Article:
Everyone, please go over and join in.

September 21, 2007

Pass-Fail Parenting

Judy had a post up the other day, Am I Failing Kindergarten? (no, Judy, you are not!), that was both hilarious and right on the mommy-money. It was about learning the kindergarten ropes, and the accompanying frustration. It not only brought back memories of when our kids started school, but made me cringe a little on Judy’s behalf, because I know it only gets worse.

Yes, I remember that time, and wish my memories of parental failure could stop there. Oh, trust me, there were some doozies – the time I completely forgot to pick my daughter up from preschool. It was just a little embarrassing to get a call from her teacher asking where I was, which was almost in my driveway. Or the time The Boy spilled some soda on the floor at Mickey D’s (yes, I know, more failure – my kids were both allowed to go to McDonald’s and didn’t always have to drink milk there, either) and tried to lick it up. I did catch him before his tongue hit the floor, but the look of absolute horror on my friend’s face was like an ice pick to the heart.

I like to think this is normal stuff, though, so please if you’re horrified don’t burst my bubble. Every parent has memory lapses, weak spots, and moments of bad judgment. There is no perfect parent, and I suspect those who pretend to be are sweeping their embarrassing moments under a carpet somewhere.

And anyway, these aren’t the kinds of things that would make me feel like a parenting failure. It's when I have to honestly say to myself, "I should have known better" that I feel a real sense of failure. Times when it was easier to snap at the kids than to figure out what might be behind a certain behavior. Or times when I didn't think ahead far enough to anticipate challenging situations.

Adoption falls into that last category. I knew so little and accepted so much at face value when we first adopted, so many questions went unasked. I wonder sometimes if our children might know their first families today if fifteen years ago I'd asked the questions I'm asking now.

There are, of course, no guarantees that asking a question nets an answer. But I really do believe that adoption trails grow cold with time, and that finding information, keeping up with it, and keeping it in trust for our kids can make the difference between reunion and permanent separation.

So next time you are wondering about something related to your child's adoption, don't answer your own questions like I often did, with information that I know now was incomplete or incorrect.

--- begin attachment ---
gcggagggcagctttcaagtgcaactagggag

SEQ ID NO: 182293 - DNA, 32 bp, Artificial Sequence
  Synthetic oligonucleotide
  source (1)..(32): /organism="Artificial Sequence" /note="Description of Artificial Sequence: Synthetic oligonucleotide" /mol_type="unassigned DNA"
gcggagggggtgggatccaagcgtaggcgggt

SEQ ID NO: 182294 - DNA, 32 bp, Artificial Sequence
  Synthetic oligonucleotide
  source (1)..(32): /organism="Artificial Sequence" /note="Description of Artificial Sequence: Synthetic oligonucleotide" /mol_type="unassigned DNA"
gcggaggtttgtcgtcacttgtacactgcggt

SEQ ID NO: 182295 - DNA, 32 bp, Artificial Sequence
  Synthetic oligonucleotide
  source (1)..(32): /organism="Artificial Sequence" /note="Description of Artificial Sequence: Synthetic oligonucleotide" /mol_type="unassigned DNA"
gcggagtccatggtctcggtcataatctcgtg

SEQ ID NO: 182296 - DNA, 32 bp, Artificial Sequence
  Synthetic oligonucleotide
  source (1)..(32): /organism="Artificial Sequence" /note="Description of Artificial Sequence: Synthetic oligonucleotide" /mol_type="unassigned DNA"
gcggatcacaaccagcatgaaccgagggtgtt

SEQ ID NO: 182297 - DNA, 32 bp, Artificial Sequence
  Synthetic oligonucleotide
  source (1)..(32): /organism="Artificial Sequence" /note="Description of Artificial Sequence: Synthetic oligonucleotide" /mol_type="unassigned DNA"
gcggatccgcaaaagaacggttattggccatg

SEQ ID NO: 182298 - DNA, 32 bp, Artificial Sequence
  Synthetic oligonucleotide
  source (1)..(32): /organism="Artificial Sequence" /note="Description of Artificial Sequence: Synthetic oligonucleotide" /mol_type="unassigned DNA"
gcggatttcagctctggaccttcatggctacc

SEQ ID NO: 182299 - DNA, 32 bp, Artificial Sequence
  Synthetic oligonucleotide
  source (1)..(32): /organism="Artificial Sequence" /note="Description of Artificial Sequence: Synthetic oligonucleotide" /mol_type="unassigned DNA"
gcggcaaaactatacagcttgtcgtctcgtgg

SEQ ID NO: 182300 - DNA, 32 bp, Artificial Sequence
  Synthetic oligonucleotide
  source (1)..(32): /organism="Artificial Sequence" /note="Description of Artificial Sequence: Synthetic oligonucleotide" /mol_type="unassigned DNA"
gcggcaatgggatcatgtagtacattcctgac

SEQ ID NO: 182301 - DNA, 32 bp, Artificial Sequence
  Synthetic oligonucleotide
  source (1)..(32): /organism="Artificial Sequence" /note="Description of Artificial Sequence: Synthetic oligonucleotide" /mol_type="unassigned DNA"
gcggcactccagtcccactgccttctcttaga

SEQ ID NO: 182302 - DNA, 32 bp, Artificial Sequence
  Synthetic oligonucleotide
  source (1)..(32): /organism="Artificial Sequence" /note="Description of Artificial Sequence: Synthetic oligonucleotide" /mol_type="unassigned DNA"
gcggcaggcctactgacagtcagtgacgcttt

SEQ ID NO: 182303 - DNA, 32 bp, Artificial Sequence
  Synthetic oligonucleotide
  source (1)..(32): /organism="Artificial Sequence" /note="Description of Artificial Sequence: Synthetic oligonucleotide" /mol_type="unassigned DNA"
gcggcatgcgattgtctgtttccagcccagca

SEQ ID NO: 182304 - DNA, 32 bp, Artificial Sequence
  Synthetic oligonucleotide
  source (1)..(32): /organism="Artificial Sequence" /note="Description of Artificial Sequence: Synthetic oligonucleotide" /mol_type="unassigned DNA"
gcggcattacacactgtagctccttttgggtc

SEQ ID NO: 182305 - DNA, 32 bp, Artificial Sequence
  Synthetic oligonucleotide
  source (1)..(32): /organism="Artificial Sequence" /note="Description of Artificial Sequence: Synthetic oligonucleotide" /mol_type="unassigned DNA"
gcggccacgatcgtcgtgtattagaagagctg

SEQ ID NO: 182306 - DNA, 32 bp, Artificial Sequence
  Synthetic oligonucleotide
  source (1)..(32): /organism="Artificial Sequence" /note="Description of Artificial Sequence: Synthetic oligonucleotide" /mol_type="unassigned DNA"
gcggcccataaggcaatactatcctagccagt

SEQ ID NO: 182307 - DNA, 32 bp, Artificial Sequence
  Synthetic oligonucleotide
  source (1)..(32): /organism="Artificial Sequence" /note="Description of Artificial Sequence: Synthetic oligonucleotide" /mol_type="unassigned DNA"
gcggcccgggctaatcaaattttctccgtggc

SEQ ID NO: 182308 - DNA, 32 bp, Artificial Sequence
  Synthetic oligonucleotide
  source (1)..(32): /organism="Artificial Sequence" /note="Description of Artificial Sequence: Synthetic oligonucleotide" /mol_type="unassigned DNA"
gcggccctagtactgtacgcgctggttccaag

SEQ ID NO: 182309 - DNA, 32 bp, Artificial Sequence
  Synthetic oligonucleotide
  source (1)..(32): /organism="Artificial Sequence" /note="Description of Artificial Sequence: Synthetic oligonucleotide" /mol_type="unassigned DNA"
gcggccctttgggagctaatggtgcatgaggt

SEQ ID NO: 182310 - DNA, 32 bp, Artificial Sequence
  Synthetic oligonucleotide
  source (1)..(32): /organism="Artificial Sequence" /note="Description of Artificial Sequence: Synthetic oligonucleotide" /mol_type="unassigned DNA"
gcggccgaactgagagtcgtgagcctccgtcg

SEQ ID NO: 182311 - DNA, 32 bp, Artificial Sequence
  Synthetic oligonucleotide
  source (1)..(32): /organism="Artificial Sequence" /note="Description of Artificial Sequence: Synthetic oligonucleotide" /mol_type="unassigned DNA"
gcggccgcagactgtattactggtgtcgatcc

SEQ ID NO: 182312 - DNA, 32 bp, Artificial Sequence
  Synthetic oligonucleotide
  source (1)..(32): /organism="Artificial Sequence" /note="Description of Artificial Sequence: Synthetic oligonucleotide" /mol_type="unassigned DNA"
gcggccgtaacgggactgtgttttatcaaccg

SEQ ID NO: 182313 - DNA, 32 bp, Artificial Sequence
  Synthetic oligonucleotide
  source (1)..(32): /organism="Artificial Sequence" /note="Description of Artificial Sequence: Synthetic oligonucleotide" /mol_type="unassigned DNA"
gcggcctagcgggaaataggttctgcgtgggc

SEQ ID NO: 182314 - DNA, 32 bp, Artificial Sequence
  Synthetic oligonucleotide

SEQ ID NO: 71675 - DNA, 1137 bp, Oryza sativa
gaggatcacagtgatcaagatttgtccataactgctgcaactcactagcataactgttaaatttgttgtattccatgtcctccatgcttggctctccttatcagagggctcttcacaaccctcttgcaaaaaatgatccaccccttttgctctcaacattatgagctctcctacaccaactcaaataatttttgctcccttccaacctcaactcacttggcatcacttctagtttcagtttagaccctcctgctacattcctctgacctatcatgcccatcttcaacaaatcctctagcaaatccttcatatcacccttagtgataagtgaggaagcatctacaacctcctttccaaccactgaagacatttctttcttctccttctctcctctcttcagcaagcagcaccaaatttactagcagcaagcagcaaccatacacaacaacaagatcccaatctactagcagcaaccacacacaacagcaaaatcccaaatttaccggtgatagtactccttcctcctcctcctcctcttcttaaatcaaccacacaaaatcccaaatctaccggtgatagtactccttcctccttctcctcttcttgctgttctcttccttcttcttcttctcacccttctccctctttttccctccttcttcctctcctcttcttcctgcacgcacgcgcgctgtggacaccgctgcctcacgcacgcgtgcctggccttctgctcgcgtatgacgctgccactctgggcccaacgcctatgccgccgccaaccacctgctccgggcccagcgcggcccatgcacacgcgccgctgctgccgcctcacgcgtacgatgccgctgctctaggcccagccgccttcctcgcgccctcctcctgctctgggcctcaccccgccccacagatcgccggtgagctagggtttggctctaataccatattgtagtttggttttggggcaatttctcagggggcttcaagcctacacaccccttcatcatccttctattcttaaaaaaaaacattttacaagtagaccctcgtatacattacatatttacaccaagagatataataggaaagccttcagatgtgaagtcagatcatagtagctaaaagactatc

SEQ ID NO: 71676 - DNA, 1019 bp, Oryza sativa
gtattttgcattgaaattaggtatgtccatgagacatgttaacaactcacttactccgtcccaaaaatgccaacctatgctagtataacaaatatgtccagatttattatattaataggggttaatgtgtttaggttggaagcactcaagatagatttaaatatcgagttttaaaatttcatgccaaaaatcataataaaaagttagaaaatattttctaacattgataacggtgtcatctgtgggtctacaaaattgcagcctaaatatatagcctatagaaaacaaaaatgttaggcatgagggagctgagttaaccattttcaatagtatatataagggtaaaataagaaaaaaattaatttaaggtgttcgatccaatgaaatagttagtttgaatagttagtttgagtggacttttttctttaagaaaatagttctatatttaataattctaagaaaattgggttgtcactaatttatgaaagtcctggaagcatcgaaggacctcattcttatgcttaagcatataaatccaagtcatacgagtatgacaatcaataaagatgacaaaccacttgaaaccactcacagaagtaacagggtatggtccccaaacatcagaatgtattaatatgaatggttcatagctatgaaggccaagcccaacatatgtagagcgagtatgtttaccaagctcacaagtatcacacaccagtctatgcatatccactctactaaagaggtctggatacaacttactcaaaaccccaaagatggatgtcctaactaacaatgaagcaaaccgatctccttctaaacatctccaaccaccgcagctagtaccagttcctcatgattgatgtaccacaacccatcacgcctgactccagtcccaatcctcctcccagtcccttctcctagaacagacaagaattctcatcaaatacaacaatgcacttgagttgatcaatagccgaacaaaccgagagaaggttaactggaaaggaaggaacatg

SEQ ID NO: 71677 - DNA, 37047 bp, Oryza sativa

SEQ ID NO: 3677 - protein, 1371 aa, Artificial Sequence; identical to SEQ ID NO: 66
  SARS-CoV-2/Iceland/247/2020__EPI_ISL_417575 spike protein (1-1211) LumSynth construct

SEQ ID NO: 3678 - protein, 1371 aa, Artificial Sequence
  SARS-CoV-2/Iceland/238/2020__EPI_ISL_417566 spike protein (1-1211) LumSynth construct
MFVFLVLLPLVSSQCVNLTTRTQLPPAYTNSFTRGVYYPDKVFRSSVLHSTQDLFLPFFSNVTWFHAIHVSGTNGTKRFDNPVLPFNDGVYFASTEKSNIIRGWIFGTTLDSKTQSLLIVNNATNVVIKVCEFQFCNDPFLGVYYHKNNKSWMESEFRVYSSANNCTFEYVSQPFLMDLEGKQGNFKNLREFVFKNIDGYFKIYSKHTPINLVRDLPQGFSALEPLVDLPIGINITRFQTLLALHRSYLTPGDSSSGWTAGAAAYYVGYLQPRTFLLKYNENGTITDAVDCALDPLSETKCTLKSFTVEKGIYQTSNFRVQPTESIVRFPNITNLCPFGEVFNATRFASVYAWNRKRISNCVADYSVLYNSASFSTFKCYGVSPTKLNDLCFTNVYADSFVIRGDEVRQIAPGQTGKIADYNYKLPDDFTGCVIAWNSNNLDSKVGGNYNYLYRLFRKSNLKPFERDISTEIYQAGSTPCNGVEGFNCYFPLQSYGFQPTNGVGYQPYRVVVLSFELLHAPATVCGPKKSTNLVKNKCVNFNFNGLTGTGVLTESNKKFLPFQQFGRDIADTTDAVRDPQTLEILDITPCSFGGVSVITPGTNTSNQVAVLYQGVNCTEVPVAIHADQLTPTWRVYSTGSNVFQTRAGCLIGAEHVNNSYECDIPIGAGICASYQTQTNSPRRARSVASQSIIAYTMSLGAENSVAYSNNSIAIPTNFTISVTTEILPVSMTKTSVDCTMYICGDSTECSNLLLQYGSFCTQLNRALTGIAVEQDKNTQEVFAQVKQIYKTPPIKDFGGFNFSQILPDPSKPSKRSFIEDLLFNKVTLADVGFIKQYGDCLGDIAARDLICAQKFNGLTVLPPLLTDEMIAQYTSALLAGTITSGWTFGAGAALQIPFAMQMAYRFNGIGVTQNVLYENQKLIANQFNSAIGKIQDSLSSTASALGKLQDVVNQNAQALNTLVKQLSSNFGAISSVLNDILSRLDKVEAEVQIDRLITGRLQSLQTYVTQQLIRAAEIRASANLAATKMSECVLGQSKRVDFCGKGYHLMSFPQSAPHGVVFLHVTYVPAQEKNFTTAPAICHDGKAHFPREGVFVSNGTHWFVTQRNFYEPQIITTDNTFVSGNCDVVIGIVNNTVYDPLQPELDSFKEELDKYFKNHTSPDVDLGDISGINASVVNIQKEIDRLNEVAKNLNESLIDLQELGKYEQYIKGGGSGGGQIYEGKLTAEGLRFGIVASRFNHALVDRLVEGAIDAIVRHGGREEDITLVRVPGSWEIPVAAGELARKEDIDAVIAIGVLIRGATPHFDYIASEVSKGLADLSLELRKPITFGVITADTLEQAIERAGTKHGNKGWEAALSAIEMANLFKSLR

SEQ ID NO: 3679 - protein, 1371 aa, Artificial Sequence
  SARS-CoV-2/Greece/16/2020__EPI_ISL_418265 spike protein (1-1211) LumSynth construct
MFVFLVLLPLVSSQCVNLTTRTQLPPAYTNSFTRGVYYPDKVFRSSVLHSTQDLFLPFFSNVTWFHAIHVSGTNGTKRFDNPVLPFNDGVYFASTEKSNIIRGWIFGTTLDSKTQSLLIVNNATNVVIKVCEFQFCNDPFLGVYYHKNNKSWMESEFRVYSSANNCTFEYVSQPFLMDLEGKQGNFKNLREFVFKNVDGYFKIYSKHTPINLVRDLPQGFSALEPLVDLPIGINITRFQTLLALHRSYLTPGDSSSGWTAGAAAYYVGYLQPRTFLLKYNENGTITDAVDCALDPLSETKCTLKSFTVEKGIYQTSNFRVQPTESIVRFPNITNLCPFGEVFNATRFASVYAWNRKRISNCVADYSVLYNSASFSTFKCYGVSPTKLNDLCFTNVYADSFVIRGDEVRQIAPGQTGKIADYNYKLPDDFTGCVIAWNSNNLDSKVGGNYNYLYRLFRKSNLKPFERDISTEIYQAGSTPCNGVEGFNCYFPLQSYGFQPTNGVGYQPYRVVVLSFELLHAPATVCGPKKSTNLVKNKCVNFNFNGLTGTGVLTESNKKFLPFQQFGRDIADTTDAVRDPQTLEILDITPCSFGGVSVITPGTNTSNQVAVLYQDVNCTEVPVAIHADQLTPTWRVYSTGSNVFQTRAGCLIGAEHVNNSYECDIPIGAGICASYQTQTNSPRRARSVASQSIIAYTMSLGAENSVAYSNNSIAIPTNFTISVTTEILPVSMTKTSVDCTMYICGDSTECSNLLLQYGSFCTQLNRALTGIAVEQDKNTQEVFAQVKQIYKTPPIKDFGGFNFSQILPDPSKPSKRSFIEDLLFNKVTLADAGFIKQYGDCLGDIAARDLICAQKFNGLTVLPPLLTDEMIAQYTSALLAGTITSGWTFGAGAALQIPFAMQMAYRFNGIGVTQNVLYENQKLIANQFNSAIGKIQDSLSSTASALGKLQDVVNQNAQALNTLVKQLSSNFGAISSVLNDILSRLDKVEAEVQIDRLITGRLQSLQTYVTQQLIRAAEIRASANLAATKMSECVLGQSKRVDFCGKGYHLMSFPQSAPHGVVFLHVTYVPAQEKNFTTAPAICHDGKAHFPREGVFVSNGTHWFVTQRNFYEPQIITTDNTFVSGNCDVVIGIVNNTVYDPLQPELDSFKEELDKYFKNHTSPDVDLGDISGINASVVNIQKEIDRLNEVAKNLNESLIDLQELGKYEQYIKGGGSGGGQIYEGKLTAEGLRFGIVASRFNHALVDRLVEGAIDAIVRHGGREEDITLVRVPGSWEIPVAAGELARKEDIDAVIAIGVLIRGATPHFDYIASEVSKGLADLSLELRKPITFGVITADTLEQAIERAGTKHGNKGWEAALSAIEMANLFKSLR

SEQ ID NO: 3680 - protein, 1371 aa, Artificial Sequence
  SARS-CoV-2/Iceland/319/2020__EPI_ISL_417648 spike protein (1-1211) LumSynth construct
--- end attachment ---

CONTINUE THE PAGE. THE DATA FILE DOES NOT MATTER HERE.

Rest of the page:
September 19, 2007

The circle of blogdom

Does anyone else get the sense that blogland is like a Venn diagram, with circles that interconnect and overlap and lead you further and further away from where you started, only to bring you back again?

Meeting new people is part of the fun of blogging. But for all the size of the internet, the online adoption community is still pretty small. And when a favorite slows down or stops, it's disappointing, sad even.

It happened to me when Twice the Rice went on hiatus, and then again when she stopped. I really miss Ji-In's voice!

And it happened again when Claud stopped writing. Claud is an inspiration - to act, to DO something to change adoption injustice. Go over there, take a look at what Claud is working on right now - and be inspired to roll up your sleeves.

It happened once more when Kim decided to close her blog. It was around the time when my family was in the middle of our end-of-school nightmare and I honestly wasn't reading anyone. But the other day I stopped by Kim's in the hope of a new post - and there wasn't just one, there were many, dating back to the summer. And then today - this. The wisdom and strength in this post is humbling. I am so grateful to hear Kim's voice again.

See? Going in circles can be a very good thing.

September 18, 2007

With thanks to Jenna: An ah-ha moment

The post I wrote last week on educating our children's teachers about adoption was cross-posted on Anti-Racist Parent, where Jenna offered this comment:
Again, this is fine and dandy. But all of this information offers little hope or resource for first families who have to make the decision to discuss their parented child’s placed sibling with their teachers or not, how to word it so that it is properly understood and how to field questions. They don’t make manuals for biological families. There are no resources for us.

If we don’t discuss it with the teacher, we run the risk of our child being called a liar for discussing his sibling. When we do, we subject ourselves to judgment and ridicule which, UNFORTUNATELY, is also passed on to the child too many times to count.

This topic, in general, makes me want to home school.
When I think about adoption and school together I think about my children: maybe being teased, struggling with assignments, or having to explain why they look nothing like their white parents. Logically, I want to ensure that my children's teachers understand how adoption might may play into their assignments or their daily routine. I can talk about it openly with them without fear of judgment.

But what about the mother who placed a child in adoption? Or that child's brother or sister? Is it realistic to think that mother can talk about her and her children's adoption experience as easily as I can? No, so mother and child alike face a situation in which talking about adoption and placed siblings is OK at home, but not at school. It's complicated, confusing and stressful.

Adoptive parents certainly have a responsibility to ensure that our childen's teachers are able to meet their adoption needs in the classroom. But we have an equal responsibility to help them understand the complexity of adoption's relationships, and how they might play out in the classroom. That, I think, has as much to do with how we define family as it does with adoption, and is important to remember in social settings outside of school.